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Living Large

Bob James

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I have had a life which, for variety and romance, could hardly be exceeded.

— Sir Arthur Conan Doyle

According to the US Bureau of Labor Statistics, retirees spend more of their time sleeping and watching TV than anything else.

How sad.

I recently attended a memorial gathering for a friend who died last year. The people who gathered—mostly strangers to one another—were encouraged to share anecdotes about our departed friend and, though aware of his polymathy, were surprised to learn how wide in fact it ran.

In his eighty+ years, we learned, our departed friend had been a marine, a laborer, a spy, a sailor, an economist, a filmmaker, an amateur historian, a long-distance hiker, and a world traveler.

I admire people who live large.

Another of them was Sir Arthur Conan Doyle, best remembered as the creator of Sherlock Holmes. Irish-Catholic and Jesuit-educated, Doyle became a surgeon at the age of 22. While still in medical school, he published short detective stories that mimicked his favorite writer, Edgar Allan Poe; and seven years out of school, the first Sherlock Holmes adventure, A Study in Scarlet.

Related: On Top Of The Hill

While in med school, Doyle also took a post as ship's surgeon on a whaler that circled from England to the Arctic and back, a voyage that gave him a lifelong taste for exotic travel.

Although the Sherlock Holmes stories—60 in all—made him wealthy and famous, Doyle longed to be a "serious" writer, like Charles Dickens, and so wrote another 17 adventure, mystery, historical, and sci-fi novels during his lifetime, including The Lost World, the 1912 forerunner to Jurassic Park. (Jurassic Park was written 78 years later by another polymathic doctor-turned-author, Michael Crichton.)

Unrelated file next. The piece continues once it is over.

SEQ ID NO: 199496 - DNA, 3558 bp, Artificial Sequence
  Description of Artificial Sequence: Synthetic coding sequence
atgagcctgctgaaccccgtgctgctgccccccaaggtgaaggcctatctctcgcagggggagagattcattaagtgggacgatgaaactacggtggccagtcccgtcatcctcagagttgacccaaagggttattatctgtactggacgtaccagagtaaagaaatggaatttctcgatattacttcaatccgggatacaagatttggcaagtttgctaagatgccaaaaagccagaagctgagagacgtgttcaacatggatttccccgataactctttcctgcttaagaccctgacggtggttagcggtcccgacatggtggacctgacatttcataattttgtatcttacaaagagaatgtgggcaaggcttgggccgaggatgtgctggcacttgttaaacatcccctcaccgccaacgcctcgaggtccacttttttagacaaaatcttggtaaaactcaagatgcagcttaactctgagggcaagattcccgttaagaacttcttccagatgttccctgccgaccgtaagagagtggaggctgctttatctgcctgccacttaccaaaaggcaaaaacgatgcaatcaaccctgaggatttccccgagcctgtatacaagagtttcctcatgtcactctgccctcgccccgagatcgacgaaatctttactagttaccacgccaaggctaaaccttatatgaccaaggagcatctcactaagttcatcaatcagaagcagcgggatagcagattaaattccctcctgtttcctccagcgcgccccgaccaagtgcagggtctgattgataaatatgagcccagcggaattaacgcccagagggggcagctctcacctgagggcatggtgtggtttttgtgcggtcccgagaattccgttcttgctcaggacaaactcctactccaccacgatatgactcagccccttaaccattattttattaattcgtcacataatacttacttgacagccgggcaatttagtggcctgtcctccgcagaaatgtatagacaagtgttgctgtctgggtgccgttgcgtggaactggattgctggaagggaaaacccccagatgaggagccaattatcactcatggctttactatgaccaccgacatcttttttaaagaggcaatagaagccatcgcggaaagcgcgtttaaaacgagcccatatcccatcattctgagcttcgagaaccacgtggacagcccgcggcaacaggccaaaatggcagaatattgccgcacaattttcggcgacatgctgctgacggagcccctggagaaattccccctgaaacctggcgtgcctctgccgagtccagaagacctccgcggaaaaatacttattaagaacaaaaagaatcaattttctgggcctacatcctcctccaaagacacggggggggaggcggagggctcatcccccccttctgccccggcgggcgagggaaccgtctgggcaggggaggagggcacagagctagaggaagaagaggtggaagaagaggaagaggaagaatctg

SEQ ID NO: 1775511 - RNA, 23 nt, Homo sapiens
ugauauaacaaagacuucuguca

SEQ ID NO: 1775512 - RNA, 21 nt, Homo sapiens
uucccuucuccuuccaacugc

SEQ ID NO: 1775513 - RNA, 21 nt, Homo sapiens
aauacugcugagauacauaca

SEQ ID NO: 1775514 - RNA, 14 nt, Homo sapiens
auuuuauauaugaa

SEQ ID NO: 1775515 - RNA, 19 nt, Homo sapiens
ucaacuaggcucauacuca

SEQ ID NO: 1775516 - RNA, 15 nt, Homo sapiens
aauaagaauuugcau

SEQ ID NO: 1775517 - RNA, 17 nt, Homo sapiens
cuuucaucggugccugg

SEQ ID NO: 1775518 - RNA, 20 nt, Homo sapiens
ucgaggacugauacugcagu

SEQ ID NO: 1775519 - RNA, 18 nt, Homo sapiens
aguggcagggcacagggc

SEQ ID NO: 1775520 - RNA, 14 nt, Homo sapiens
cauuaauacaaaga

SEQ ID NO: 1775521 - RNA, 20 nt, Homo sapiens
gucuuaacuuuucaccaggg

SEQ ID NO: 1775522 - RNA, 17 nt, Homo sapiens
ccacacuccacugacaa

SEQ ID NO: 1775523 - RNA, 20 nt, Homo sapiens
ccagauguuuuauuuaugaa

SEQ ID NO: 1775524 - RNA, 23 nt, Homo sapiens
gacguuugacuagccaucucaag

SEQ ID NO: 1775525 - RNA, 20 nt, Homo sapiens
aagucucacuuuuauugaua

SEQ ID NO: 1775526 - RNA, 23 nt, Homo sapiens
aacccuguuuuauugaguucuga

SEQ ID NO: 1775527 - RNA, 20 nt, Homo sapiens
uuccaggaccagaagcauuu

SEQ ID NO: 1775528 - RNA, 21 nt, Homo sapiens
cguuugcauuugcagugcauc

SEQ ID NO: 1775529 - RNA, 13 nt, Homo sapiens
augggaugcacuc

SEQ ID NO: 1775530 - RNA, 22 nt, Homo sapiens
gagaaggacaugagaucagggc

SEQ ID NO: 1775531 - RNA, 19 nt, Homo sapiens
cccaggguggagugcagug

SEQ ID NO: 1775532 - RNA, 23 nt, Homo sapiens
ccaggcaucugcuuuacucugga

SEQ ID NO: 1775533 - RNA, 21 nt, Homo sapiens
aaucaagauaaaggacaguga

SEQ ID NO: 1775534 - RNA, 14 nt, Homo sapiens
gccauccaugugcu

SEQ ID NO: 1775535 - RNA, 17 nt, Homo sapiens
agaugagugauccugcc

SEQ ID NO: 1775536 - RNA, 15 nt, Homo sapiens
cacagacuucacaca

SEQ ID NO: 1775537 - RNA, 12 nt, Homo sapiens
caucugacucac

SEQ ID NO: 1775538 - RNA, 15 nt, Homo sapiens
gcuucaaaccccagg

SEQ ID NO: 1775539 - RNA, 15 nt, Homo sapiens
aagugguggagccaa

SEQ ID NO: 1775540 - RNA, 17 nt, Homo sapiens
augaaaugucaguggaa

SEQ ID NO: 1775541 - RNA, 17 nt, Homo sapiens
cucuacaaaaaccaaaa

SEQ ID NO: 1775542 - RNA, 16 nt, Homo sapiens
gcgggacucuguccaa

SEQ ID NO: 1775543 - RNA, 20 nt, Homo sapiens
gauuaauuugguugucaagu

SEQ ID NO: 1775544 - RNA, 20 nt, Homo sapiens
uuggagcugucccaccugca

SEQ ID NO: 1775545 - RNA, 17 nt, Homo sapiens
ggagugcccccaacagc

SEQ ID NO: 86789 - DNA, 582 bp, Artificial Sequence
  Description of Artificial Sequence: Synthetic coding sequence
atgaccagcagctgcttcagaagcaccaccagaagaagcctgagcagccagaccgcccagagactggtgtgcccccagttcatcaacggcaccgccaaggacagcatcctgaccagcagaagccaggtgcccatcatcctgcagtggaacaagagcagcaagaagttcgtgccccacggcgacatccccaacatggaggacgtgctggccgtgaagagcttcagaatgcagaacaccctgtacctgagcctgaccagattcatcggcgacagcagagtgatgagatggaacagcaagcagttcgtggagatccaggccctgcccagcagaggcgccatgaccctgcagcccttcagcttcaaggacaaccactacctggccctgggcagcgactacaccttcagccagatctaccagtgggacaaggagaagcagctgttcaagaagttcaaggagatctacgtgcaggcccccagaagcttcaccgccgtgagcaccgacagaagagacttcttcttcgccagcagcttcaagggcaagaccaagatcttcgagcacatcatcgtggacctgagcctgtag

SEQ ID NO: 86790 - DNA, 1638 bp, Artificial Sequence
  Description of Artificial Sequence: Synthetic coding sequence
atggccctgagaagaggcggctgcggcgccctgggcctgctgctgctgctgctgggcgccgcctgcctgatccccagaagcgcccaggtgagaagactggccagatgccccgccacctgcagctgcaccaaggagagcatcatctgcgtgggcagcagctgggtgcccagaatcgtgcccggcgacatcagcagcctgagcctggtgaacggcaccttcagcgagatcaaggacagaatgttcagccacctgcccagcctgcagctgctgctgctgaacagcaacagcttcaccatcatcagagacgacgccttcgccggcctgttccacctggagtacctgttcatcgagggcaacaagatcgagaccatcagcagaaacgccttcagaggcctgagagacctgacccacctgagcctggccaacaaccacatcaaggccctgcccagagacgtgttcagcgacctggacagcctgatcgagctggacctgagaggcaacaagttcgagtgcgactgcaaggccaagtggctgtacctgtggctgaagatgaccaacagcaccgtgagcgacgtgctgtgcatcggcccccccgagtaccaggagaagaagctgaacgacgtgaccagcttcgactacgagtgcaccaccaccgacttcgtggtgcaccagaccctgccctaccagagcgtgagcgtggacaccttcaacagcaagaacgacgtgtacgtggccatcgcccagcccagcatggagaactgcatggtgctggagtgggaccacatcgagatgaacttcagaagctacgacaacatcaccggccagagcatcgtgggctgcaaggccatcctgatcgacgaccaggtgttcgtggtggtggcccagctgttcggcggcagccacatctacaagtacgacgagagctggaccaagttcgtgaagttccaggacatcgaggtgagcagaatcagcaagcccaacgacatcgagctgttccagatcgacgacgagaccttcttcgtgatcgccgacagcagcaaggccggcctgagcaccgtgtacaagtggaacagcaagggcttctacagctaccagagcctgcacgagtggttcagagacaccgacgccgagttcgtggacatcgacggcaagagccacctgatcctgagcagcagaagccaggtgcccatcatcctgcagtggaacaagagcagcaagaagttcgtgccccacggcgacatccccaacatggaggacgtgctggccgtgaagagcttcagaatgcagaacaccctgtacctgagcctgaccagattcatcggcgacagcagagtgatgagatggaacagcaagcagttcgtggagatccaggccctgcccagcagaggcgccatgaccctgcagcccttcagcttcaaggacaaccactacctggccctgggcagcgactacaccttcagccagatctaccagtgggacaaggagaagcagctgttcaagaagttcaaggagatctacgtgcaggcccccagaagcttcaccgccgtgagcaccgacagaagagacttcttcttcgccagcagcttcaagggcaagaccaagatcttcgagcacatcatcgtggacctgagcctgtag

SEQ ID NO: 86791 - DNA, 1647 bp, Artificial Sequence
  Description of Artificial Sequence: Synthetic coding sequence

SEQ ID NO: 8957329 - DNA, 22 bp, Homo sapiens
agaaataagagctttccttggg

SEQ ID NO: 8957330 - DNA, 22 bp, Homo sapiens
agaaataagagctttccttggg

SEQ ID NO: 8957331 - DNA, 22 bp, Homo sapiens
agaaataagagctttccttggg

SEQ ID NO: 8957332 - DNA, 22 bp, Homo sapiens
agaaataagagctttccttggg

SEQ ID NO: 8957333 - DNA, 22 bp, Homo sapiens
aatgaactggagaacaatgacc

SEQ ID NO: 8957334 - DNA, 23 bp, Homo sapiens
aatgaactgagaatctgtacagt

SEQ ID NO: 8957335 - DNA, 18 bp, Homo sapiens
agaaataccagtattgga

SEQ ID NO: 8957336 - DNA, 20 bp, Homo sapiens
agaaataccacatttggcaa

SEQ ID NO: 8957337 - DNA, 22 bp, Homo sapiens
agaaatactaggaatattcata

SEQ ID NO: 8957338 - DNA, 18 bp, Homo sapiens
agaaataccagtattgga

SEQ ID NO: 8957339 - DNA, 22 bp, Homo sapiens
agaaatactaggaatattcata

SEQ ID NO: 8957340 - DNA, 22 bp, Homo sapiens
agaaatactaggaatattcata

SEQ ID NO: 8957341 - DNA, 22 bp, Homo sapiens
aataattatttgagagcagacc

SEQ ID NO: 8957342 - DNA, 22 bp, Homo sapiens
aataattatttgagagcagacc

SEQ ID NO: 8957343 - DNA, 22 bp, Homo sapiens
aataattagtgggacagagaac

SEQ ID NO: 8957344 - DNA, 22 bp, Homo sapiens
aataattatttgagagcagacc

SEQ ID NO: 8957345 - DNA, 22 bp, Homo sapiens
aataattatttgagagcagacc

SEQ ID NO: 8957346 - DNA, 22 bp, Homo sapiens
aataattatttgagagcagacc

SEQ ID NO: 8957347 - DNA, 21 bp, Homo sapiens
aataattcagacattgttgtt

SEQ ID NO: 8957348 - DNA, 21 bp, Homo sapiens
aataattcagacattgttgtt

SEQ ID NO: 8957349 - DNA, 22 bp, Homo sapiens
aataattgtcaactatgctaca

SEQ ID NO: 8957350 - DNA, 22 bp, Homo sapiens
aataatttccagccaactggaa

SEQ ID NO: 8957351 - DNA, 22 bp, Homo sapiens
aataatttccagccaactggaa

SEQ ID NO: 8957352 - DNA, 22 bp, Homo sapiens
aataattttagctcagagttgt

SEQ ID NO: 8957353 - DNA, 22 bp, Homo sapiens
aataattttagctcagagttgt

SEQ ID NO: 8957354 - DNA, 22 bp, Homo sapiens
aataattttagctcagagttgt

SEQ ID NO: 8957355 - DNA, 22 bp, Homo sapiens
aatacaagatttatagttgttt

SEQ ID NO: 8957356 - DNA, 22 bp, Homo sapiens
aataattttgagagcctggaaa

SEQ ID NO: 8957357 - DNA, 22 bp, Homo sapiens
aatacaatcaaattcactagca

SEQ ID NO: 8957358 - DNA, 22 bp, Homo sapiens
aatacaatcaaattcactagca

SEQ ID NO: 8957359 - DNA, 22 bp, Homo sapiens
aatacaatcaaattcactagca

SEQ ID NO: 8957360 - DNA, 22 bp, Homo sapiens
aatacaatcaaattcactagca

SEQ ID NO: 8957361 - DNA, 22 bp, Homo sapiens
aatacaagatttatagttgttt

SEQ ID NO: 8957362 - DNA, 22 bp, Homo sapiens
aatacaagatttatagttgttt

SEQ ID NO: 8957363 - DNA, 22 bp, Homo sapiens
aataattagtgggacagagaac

At the same time, Doyle became a student and proponent of spiritualism, writing and lecturing on the topic worldwide. He also volunteered to serve as a surgeon in the Boer War; ran twice for political office; took up golf, hot-air ballooning, and body-building; and began to write and produce stage plays. When World War I erupted, he became a war correspondent.

Not to rest on his laurels, Doyle also took up the study of landscape photography, publishing 13 articles on the subject for the British Journal of Photography, designing and building a large-format camera, lens, and tripod, and organizing photo expeditions; and learned how to ski. His efforts to popularize skiing—previously unheard of outside Northern Europe—are credited with making the Alpine sport mainstream.

Today, 110 million people in more than 80 countries ski, thanks to Sir Arthur Conan Doyle.

Now that's living large!

Benjamin Hotel
Benjamin Hotel

ABOUT THE AUTHOR

Bob James

Bob James is a second-act still-life painter and obsessive blogger. His oil paintings can be found on his website.

While first to admit all his opinions are merely his own, Bob agrees with Oscar Wilde, who said, “In all matters of opinion, our adversaries are insane.”

He currently resides in Delaware.